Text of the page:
Giving notice to your landlord

Tradesman working on plans with power tools on bench

There are times when you need to communicate with your landlord or agent about issues to do with your tenancy or your premises.

A telephone call is quick and easy, but often you need to 'put it in writing' if you want to be able to demonstrate that you raised an issue. If you phone your landlord, make notes about the conversation and then follow up in writing.

Detail the issue

In your letter, also known as a notice, you should clearly identify and describe the issue or problem and indicate the financial impact it is having on your business.

Be clear about what actions you want the landlord to take to address the problem. Include a timeframe for resolving the issue.

Keep copies of all your correspondence with your landlord or agent. Make sure you follow up on issues if there is no action by the landlord or agent.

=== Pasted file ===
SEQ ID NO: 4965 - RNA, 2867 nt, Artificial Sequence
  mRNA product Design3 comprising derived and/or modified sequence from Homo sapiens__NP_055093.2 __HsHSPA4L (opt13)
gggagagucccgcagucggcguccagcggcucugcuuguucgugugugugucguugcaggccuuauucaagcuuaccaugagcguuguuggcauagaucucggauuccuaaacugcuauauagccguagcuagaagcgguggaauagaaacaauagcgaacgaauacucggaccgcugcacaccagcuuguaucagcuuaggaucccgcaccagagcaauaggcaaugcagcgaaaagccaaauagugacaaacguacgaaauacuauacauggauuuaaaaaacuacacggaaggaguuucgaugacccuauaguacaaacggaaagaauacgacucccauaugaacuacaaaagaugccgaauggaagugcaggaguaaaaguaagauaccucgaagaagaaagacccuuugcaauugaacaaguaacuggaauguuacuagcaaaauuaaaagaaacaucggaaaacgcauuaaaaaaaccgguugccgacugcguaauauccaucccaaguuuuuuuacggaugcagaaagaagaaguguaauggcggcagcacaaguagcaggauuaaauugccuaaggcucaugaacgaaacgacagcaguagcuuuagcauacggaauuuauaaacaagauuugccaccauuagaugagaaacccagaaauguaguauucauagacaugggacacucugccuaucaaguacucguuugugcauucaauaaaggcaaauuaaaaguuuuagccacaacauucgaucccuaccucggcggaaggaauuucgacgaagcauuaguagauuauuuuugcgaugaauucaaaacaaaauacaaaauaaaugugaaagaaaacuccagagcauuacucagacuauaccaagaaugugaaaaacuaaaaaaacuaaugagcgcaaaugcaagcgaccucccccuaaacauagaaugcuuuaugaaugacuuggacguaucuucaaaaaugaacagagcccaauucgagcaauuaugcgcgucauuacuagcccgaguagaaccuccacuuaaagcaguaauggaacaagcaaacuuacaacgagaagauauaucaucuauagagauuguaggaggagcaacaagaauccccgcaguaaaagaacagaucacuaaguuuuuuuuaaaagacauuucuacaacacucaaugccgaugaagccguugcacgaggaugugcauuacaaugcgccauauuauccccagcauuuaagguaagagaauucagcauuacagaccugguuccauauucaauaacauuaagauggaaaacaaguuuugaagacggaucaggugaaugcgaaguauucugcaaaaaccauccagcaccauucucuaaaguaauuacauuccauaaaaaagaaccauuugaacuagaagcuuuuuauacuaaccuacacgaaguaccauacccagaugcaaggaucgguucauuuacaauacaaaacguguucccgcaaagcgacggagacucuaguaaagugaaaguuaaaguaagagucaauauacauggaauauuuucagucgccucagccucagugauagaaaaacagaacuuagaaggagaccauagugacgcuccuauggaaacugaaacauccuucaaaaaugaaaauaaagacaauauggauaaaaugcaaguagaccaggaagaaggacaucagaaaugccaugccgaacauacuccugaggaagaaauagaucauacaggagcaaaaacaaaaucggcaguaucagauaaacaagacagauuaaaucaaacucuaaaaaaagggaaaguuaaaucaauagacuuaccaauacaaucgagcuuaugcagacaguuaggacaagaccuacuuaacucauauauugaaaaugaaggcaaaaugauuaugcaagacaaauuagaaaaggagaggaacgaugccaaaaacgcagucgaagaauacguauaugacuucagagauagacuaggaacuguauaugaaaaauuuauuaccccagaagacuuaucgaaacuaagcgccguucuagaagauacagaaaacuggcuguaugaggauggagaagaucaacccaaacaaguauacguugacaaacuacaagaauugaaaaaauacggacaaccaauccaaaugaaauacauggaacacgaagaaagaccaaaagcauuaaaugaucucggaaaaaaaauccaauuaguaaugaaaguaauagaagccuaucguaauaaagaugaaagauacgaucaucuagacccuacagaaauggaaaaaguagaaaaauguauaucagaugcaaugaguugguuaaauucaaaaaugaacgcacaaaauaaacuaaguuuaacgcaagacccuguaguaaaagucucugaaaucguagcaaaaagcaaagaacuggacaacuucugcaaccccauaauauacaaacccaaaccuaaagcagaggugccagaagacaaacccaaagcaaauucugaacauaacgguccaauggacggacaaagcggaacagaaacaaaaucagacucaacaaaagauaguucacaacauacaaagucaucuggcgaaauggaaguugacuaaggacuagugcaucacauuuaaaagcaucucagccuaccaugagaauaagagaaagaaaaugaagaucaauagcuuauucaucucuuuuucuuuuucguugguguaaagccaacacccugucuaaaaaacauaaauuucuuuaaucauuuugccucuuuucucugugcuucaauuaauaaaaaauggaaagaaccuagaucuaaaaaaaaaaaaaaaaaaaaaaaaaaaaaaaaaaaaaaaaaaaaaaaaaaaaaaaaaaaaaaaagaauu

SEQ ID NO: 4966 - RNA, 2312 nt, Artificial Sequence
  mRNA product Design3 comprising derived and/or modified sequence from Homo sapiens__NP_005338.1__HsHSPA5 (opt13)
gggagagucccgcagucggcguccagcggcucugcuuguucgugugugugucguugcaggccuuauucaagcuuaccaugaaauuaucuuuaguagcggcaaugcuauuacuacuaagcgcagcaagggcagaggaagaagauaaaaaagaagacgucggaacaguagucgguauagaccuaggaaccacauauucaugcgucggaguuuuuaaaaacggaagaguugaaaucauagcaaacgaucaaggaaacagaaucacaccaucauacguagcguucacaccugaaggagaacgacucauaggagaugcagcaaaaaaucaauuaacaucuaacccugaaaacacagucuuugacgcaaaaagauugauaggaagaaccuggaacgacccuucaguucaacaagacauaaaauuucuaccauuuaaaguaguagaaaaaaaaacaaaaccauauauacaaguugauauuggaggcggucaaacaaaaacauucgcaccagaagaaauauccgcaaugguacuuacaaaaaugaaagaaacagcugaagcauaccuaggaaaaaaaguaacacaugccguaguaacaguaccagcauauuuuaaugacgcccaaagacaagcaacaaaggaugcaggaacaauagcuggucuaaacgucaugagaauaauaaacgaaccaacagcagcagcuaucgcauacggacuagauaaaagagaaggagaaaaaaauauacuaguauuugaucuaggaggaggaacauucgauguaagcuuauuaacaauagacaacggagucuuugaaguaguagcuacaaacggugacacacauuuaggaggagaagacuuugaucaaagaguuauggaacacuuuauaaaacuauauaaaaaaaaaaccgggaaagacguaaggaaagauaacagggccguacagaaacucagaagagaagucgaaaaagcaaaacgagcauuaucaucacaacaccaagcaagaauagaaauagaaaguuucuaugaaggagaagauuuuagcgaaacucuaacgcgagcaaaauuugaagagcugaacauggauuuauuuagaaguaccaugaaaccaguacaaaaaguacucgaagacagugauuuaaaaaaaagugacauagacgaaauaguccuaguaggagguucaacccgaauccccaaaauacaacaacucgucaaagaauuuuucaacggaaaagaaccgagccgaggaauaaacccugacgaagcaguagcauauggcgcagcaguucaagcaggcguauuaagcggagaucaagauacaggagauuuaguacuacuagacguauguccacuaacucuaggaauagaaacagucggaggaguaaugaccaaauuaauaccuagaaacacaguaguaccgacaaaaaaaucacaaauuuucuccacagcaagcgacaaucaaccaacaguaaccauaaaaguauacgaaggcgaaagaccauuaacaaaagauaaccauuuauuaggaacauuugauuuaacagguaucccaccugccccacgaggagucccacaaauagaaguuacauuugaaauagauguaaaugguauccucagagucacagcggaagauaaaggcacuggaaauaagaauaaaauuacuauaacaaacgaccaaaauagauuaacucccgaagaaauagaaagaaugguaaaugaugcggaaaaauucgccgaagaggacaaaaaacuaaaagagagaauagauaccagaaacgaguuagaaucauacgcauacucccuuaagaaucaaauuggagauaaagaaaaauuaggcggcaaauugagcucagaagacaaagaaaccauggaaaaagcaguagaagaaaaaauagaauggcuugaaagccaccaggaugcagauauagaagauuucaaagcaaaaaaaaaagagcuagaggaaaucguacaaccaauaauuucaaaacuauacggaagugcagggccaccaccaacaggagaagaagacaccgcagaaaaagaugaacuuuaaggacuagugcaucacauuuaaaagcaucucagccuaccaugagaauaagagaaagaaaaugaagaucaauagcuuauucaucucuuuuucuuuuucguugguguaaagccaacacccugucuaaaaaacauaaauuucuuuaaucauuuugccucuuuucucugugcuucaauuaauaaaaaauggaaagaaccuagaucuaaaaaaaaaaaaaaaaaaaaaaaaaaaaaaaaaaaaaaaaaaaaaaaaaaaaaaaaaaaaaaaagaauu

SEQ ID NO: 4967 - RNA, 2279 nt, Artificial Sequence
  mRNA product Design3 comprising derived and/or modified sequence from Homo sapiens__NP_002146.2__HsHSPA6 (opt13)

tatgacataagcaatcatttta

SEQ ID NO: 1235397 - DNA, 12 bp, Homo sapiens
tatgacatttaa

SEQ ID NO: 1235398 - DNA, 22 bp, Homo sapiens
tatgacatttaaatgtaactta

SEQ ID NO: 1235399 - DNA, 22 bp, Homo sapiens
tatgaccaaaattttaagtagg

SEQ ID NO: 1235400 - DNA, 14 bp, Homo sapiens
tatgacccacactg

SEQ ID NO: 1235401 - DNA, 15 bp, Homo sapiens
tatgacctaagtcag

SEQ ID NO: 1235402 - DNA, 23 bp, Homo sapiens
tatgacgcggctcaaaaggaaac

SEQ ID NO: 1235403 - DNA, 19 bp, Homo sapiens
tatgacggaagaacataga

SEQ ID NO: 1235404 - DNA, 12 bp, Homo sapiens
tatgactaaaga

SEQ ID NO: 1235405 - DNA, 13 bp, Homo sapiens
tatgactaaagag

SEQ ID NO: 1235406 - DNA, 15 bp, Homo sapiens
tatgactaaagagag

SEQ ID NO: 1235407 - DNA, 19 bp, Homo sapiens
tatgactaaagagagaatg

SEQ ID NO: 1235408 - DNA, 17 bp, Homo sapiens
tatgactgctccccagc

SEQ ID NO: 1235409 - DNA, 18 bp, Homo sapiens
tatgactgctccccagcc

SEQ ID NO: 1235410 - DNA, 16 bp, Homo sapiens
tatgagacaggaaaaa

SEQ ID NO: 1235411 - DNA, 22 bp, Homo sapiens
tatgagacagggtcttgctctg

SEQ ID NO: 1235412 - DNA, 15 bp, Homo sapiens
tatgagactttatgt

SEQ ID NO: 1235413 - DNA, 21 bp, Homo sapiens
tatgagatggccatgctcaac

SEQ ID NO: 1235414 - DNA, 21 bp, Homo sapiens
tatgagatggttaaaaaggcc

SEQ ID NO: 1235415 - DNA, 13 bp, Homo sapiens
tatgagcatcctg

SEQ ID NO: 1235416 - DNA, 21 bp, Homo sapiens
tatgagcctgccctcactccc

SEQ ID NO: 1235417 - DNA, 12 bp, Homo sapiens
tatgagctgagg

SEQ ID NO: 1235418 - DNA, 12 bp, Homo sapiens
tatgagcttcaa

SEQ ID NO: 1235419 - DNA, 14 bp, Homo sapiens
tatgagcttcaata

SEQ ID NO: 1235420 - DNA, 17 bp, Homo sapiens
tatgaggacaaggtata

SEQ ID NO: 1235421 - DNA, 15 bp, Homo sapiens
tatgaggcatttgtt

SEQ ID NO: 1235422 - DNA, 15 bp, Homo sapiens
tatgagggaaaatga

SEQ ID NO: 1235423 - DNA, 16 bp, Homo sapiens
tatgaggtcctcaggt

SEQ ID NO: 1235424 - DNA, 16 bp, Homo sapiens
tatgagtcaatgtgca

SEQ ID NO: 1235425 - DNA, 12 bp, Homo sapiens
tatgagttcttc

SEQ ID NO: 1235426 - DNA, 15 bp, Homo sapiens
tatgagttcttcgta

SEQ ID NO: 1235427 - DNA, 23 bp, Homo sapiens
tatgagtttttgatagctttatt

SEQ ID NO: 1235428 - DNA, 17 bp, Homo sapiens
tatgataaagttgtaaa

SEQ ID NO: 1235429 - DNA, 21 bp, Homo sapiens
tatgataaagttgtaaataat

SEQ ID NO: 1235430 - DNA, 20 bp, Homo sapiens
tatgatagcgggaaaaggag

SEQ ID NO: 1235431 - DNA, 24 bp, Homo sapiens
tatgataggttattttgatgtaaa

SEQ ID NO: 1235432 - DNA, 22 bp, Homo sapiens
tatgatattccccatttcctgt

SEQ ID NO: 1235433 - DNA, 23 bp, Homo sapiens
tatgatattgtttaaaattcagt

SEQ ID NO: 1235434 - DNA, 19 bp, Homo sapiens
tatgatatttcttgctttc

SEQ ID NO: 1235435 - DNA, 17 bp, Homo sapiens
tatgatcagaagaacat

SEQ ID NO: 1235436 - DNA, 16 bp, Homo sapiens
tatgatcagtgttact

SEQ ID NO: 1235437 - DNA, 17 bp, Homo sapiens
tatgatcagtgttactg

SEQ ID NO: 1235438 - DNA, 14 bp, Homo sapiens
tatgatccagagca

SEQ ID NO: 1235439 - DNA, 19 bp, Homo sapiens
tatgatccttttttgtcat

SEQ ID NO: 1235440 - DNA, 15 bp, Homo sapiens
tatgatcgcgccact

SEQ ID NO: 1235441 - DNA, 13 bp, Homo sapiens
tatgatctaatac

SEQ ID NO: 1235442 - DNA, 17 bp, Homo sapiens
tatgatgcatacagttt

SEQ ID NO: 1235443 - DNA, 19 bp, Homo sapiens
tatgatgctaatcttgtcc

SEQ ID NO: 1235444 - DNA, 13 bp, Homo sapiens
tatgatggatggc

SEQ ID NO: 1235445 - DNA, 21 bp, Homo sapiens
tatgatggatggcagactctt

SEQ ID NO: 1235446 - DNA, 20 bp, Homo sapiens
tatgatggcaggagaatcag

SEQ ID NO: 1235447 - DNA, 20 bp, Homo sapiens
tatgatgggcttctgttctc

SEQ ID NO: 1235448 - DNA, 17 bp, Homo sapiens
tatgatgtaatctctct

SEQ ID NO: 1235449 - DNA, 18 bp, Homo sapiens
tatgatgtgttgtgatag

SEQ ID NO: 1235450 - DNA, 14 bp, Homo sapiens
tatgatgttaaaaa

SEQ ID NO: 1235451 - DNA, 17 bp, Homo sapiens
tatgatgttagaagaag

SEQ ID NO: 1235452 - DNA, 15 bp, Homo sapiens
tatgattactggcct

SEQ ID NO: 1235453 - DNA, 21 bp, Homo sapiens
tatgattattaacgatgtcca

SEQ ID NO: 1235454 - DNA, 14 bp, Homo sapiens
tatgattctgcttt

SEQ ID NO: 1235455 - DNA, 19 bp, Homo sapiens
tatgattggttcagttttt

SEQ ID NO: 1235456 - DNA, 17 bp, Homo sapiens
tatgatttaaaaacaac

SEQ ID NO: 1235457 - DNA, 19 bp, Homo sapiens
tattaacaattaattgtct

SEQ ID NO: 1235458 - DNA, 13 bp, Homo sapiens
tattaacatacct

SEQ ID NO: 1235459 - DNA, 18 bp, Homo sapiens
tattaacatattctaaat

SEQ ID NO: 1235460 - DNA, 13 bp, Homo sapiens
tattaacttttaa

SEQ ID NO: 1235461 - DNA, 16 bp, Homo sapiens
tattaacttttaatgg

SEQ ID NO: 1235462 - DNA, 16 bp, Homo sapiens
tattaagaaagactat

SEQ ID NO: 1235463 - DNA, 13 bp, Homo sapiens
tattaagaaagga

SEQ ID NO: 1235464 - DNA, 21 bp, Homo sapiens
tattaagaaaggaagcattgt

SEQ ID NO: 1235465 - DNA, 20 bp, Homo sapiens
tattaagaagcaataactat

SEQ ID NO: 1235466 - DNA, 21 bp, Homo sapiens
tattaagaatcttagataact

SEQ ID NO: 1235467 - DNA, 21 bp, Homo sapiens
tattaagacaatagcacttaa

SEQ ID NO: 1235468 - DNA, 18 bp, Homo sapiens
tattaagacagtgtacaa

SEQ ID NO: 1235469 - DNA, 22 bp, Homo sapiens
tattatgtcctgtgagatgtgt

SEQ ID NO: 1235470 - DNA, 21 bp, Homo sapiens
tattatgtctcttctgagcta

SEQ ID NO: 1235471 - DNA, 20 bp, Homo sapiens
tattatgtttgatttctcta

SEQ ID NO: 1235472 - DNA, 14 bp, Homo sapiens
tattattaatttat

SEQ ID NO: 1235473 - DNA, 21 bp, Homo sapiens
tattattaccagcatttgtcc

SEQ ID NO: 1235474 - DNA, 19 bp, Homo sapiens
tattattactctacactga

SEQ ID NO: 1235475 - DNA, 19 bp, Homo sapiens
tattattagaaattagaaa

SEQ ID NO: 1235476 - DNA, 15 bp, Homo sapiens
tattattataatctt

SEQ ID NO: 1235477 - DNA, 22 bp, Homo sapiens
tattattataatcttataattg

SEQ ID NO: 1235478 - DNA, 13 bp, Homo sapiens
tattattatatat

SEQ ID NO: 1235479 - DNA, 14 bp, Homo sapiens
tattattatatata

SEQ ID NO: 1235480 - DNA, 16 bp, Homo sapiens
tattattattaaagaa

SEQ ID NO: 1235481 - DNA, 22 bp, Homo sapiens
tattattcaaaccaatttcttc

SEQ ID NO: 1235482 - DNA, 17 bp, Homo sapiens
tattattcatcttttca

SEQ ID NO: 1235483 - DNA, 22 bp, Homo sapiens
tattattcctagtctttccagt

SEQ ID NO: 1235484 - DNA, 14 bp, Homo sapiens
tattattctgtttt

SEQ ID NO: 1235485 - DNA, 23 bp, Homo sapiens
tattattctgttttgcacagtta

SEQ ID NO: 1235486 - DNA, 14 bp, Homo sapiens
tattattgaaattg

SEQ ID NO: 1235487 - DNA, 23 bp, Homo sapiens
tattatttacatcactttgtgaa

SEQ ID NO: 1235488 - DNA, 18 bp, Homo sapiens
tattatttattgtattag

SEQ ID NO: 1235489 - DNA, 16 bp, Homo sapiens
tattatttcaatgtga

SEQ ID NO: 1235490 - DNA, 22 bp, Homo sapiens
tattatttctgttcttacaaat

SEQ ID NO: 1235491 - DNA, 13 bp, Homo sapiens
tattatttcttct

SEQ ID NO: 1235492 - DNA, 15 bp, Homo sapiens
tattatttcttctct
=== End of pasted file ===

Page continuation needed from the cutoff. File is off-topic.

Serving the notice

Your lease includes the name and contact details of the landlord and their authorised representative. You should send any notices to the authorised representative.

Your lease may include a clause about how you may deliver, or 'serve', a notice on your landlord or agent, such as in person, by registered post, by fax or by email.

The Retail Leases Act 1994 also states how a notice may be served or given. It may be:

  • delivered personally, or
  • left at or sent by post to the last known residential or business address in or out of NSW of the person to be served, or
  • delivered to a document exchange used by the landlord or agent, or
  • served or given as described in your lease.

If you don’t serve a notice correctly, it may affect your rights should any issue escalate into a dispute.

Make sure that you tell the landlord or agent if your address, or the address of your authorised representative, changes so that you are sure to receive all important notices from them.